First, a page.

Elon Musk and The Racecar Conundrum

Elon Musk made waves on Saturday after tweeting about the unreleased all-wheel drive performance Model 3.

Elon Musk and The Racecar Conundrum

Elon Musk, arguably the most divisive figure in the automotive space, made waves on Saturday after tweeting about the unreleased all-wheel drive performance Model 3.

Tesla has used 0-60 times as their key performance benchmark since the release of the Roadster back in 2008. The hugely powerful electric motors employed by Musk and Tesla pushed the cars 60 mph faster than just about anything south of $250,000. However, on Saturday Musk took a shot at the BMW M3 and insinuated that the impending performance-oriented Model 3 would beat the performance-oriented BMW around a race track.

Musk tweeted: “Cost of all options, wheels, paint, etc is included (apart from Autopilot). Cost is $78k. About same as BMW M3, but 15% quicker & with better handling. Will beat anything in its class on the track.”

Automotive journalists and commenters came out in droves to comment on Musk’s tweet. Bozi Tatarevic, writer at Road and Track and Jalopnik, questioned both the cost of the Model 3 as well the vehicle’s ability to run for more than a few laps without overheating: “I guess that he is counting the $7,500 credit in his price since the M3 starts at around $67k. Would really be interested to see how they came upon this "better handling" conclusion and how many laps it can complete without heating up.” Various track tests of the of Model S and Model 3 have ended abruptly as batteries have consistently overheated, forcing the cars into limp mode after just a few minutes on track. Furthermore, recent comparisons between the Model 3 and M3 at Laguna Seca, the famed racetrack in Northern California, have returned lap times of 1:43 and 1:57 for the M3 and Tesla, respectively. Even sans overheating issues, the Model 3 still lags behind the pace of the M3.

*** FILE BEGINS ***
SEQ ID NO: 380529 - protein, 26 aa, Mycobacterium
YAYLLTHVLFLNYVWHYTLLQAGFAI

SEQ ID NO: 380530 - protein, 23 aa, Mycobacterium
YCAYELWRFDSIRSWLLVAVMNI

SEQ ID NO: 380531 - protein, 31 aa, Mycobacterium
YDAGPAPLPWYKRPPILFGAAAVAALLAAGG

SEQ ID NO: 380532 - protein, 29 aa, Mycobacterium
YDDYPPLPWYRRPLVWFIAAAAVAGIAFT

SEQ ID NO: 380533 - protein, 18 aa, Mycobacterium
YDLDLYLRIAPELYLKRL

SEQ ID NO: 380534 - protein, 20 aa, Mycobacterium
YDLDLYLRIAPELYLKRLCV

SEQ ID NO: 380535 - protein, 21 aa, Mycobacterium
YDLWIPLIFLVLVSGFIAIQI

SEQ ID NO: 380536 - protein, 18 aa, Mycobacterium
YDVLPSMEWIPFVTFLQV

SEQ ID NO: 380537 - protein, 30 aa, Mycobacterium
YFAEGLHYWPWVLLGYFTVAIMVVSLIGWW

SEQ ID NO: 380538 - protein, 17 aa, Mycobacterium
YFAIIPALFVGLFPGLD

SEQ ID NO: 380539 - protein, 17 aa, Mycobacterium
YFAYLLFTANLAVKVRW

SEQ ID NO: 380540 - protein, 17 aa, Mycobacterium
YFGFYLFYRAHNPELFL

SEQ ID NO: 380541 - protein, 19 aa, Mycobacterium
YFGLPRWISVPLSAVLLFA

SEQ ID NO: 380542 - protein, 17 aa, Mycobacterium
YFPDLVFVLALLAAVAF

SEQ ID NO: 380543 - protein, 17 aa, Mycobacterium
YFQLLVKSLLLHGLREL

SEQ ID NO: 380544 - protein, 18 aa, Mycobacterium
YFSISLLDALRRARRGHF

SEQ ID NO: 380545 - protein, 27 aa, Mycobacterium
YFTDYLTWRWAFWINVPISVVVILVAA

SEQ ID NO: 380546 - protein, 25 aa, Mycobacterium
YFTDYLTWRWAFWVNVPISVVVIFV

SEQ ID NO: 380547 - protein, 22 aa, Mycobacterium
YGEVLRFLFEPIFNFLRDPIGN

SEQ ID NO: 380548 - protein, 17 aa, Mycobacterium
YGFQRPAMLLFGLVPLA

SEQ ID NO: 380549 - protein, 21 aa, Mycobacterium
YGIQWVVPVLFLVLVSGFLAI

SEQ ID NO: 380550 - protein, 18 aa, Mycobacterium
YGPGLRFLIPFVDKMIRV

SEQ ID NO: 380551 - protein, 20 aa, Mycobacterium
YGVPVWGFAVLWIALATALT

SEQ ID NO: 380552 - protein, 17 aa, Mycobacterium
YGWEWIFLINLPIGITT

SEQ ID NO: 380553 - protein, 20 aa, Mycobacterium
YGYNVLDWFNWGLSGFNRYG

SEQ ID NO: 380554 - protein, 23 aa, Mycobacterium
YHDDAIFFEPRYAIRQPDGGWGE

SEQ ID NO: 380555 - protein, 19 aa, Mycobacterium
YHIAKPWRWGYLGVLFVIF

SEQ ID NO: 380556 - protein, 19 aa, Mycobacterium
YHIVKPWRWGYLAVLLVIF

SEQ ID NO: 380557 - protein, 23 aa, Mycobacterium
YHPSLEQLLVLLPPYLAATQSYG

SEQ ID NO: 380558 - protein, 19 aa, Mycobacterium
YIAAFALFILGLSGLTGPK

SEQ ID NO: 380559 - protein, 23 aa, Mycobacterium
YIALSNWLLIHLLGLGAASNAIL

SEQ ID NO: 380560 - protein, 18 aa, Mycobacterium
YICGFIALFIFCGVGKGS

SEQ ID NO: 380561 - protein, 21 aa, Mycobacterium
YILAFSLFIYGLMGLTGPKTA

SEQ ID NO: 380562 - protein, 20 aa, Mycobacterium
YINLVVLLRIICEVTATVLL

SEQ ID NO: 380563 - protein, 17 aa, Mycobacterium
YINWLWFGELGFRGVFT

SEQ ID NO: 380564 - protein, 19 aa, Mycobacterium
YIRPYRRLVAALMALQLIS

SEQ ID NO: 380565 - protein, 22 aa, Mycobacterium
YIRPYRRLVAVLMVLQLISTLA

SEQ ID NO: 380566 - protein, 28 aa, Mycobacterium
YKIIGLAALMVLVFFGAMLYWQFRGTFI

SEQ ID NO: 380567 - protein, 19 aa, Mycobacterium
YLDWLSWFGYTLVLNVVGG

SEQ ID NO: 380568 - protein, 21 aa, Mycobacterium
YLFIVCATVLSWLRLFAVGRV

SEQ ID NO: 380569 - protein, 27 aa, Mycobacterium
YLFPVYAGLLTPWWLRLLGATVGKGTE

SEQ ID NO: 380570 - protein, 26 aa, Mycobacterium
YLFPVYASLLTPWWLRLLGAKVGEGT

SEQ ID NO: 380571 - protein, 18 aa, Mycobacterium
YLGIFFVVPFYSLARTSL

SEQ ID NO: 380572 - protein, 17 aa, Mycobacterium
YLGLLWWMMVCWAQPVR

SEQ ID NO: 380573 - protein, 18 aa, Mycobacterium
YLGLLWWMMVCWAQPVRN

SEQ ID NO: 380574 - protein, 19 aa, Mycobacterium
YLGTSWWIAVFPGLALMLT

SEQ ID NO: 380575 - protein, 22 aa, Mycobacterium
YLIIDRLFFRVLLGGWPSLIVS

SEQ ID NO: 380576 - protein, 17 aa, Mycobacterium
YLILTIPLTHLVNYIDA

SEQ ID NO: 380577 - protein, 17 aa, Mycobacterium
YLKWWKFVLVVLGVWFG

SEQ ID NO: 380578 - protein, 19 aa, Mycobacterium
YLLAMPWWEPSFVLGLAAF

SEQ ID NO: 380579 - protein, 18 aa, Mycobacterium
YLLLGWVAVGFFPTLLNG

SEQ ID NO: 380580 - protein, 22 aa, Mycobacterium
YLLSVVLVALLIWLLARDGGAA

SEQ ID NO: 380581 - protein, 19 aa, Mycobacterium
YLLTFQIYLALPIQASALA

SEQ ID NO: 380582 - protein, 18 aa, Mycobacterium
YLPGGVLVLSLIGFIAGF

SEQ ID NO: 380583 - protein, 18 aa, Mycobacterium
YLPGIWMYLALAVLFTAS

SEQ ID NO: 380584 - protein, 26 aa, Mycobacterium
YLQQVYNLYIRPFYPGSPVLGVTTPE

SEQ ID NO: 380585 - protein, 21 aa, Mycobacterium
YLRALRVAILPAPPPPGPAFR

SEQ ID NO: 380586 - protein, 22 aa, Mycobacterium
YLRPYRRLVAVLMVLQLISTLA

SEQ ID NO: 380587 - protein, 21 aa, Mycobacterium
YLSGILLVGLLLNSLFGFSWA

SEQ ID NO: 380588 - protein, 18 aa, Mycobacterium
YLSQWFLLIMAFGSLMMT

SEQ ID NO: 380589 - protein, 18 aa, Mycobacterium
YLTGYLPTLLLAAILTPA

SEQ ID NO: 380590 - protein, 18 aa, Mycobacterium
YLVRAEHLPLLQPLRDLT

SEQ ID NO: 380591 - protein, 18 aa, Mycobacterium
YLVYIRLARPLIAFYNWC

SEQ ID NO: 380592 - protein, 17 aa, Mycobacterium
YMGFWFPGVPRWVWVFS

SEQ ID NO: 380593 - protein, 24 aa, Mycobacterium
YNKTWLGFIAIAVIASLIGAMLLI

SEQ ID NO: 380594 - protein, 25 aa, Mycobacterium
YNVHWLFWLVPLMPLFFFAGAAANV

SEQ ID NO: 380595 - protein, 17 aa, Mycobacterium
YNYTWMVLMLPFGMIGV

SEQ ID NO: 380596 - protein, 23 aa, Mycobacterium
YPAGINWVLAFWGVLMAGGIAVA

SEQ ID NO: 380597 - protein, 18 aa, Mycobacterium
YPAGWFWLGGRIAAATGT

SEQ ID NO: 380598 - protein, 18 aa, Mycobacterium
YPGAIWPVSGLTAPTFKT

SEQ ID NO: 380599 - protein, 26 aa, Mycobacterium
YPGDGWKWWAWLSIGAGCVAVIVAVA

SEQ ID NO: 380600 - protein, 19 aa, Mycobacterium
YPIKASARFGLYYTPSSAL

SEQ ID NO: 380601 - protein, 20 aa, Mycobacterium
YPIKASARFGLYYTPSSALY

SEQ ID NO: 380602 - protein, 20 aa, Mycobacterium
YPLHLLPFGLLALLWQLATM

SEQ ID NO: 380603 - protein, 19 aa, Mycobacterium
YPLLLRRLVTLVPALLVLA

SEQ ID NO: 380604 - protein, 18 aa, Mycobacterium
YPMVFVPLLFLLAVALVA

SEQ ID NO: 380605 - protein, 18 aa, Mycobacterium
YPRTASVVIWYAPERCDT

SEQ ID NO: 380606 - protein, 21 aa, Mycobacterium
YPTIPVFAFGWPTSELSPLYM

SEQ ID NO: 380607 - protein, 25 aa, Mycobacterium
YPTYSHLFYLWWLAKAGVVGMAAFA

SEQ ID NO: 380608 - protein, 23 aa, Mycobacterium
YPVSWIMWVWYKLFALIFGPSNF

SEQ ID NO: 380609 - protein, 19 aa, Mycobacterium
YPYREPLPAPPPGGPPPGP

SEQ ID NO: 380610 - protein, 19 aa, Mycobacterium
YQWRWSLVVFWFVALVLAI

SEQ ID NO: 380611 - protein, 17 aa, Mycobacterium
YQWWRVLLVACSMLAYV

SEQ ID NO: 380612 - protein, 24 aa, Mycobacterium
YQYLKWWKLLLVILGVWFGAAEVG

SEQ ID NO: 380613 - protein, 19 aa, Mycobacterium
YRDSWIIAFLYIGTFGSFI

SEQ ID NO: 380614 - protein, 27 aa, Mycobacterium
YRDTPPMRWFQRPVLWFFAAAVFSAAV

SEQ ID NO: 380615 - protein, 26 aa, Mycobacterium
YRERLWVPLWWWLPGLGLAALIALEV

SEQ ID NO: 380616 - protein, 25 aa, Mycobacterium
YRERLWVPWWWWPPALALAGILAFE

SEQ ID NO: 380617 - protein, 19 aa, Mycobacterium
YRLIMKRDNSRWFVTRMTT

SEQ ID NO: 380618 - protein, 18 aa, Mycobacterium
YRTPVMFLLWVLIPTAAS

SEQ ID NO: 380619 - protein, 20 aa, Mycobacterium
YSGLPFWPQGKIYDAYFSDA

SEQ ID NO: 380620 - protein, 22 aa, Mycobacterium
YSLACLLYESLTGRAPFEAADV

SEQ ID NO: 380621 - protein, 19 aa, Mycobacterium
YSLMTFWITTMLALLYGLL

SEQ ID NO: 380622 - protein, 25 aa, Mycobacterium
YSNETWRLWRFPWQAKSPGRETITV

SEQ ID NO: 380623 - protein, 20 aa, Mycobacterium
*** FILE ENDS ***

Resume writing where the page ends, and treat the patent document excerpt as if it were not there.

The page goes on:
The Model S does not fare much better with on-track performance. A Model S P85D managed to run the famed German Nürburgring in 8:50. For context, a 1997 BMW M3 ran a lap at the same racetrack in a time of 8:35.

For many enthusiasts, true vehicle performance is determined at the racetrack and in 2018 we will see the inaugural season of the Electric GT – a 10 race series featuring a lightened Tesla Model S. And with the redesigned Tesla Roaster, slated for release in 2020, as well as the performance-oriented Model 3 Musk mentioned this weekend, it’s clear that Musk also has the racetrack on his mind.

No one doubts that Elon Musk and Tesla have done wonders in pushing the entire automotive industry forward. Musk’s desire to continually push technical boundaries and to update cars at a pace never seen before in the space, forces the rest of the industry to play catch up. However, when it comes to performance, specifically at the racetrack, Tesla is the brand that needs to catch up. The next few years will be a fascinating time in the automotive world, and for Tesla, an opportunity to prove that they can build a true performance car.